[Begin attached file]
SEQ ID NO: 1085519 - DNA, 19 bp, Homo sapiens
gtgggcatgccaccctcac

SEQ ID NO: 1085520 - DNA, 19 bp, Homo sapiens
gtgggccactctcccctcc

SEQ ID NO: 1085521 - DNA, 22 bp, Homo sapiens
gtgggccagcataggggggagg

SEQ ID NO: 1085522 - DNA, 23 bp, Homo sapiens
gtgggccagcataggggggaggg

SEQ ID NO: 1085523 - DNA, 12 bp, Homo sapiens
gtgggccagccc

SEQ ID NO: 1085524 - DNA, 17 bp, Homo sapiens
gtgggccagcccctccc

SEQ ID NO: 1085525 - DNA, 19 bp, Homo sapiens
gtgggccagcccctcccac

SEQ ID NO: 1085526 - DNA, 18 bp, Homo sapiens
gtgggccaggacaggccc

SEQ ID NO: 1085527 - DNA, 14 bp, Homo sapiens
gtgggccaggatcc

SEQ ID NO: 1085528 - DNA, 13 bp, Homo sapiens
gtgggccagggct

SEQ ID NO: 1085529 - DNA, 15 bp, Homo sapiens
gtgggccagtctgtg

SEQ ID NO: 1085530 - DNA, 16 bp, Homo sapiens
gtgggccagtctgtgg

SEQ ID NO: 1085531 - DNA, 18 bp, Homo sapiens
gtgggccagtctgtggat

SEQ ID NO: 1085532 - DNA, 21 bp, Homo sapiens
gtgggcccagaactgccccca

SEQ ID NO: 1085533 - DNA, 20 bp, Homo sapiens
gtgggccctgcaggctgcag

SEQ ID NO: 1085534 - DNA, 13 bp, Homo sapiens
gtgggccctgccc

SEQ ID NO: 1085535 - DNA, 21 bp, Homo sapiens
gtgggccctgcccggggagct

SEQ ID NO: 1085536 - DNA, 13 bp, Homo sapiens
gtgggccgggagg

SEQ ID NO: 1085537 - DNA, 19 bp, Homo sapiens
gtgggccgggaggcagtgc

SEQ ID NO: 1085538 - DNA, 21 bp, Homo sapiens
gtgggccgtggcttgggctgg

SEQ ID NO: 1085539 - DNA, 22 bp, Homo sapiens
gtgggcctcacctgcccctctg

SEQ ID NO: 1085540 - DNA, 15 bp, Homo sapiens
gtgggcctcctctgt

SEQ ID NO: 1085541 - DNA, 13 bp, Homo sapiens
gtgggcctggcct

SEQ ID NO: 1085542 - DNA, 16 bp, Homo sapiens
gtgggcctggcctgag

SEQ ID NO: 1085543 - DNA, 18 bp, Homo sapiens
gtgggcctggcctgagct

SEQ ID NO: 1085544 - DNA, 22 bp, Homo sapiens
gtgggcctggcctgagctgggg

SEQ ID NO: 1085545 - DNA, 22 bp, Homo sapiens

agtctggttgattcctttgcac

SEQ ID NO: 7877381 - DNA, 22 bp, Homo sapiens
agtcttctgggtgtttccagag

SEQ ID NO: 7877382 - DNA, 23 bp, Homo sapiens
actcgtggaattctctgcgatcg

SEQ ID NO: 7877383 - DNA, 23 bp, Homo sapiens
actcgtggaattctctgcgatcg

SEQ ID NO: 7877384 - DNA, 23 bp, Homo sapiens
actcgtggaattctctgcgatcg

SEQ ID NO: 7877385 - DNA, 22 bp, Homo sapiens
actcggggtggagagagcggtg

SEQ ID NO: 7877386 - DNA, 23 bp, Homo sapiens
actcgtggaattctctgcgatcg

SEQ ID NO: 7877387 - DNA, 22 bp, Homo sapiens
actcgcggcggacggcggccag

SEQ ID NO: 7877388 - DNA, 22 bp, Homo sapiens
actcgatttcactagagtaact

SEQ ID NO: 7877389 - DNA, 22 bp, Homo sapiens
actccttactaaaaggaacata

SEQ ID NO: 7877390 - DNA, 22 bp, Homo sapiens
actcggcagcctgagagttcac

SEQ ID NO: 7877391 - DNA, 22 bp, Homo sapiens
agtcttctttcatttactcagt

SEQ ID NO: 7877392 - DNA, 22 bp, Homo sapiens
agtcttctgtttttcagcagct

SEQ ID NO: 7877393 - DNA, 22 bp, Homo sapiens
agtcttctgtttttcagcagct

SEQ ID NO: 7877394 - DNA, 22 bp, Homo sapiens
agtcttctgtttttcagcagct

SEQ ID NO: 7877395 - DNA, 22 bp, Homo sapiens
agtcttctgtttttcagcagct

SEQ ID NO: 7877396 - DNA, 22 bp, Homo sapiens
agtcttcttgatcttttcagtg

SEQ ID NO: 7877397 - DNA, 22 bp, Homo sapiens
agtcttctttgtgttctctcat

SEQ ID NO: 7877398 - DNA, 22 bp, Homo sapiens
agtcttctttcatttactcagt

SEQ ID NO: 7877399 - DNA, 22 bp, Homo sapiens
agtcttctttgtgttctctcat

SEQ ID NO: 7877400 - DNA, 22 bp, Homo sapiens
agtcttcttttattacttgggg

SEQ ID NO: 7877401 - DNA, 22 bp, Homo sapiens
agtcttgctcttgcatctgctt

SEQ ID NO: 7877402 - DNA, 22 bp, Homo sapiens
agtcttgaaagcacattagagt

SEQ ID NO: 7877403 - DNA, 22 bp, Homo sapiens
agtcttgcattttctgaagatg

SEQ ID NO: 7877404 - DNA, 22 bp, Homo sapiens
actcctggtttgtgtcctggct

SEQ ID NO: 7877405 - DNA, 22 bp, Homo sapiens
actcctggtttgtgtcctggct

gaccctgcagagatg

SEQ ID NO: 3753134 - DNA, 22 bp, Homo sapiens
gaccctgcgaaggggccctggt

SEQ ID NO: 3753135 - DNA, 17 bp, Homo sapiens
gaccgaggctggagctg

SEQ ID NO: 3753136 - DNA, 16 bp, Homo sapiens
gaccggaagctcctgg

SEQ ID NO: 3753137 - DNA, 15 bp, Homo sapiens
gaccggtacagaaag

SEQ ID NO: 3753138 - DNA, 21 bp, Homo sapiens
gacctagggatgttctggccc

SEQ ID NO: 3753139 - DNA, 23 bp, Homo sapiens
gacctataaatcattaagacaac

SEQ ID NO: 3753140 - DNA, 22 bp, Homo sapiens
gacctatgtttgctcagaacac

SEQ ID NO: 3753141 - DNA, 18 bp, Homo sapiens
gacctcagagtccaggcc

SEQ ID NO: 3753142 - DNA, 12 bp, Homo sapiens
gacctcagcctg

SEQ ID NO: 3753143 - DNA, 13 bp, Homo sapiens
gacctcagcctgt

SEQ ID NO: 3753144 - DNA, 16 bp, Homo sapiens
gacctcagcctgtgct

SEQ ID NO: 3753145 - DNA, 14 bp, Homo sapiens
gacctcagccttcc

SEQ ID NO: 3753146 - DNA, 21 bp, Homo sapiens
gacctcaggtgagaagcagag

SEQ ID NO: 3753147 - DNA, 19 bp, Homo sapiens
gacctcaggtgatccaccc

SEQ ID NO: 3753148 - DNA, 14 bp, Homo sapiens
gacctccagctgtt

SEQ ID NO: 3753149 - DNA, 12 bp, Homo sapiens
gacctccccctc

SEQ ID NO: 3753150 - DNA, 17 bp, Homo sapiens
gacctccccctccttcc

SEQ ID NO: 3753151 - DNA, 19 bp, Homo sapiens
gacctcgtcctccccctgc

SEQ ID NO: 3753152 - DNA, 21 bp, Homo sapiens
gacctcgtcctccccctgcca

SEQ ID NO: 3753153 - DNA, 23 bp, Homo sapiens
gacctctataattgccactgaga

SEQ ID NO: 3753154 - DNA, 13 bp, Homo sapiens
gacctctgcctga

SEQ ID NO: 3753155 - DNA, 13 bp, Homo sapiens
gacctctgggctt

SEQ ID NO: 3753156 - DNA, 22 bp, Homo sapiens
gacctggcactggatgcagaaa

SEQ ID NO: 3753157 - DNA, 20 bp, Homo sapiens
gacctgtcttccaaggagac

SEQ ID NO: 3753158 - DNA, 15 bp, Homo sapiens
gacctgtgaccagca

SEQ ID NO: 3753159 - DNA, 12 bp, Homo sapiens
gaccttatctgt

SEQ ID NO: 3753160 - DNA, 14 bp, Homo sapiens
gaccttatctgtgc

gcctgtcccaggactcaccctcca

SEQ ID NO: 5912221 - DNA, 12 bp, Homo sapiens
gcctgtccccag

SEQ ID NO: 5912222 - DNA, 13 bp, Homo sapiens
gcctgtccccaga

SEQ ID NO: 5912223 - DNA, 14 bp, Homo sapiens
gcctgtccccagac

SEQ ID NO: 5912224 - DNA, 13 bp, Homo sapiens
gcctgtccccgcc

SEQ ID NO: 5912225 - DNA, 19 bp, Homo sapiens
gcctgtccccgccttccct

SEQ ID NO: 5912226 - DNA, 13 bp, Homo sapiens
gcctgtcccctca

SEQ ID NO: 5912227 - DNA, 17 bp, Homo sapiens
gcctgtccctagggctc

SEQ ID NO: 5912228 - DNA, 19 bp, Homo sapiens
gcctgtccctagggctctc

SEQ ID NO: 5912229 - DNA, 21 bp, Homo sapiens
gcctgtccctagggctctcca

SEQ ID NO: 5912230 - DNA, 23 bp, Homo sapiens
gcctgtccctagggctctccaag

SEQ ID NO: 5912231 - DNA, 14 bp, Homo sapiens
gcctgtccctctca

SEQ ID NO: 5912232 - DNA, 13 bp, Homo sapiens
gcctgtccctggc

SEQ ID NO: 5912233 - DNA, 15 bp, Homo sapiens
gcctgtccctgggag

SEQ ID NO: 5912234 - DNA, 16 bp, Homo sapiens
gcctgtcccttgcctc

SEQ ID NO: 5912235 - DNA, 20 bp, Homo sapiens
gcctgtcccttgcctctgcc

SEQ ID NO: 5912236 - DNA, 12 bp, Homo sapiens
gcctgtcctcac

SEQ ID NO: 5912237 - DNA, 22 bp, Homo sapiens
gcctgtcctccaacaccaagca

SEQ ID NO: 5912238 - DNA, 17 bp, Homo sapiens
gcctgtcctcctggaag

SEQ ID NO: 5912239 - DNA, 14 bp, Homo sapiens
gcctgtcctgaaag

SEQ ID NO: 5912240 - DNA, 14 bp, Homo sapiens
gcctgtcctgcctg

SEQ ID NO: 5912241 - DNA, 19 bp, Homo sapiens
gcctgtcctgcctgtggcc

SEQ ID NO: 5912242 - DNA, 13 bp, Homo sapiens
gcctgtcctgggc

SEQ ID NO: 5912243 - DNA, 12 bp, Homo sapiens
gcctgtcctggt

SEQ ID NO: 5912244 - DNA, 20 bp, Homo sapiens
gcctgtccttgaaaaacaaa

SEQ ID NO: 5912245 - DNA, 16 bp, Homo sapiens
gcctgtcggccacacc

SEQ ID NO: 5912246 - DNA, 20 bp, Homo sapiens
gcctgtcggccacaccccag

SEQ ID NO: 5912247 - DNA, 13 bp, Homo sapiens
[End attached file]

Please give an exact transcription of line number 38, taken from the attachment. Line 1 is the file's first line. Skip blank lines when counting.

gtgggccgggaggcagtgc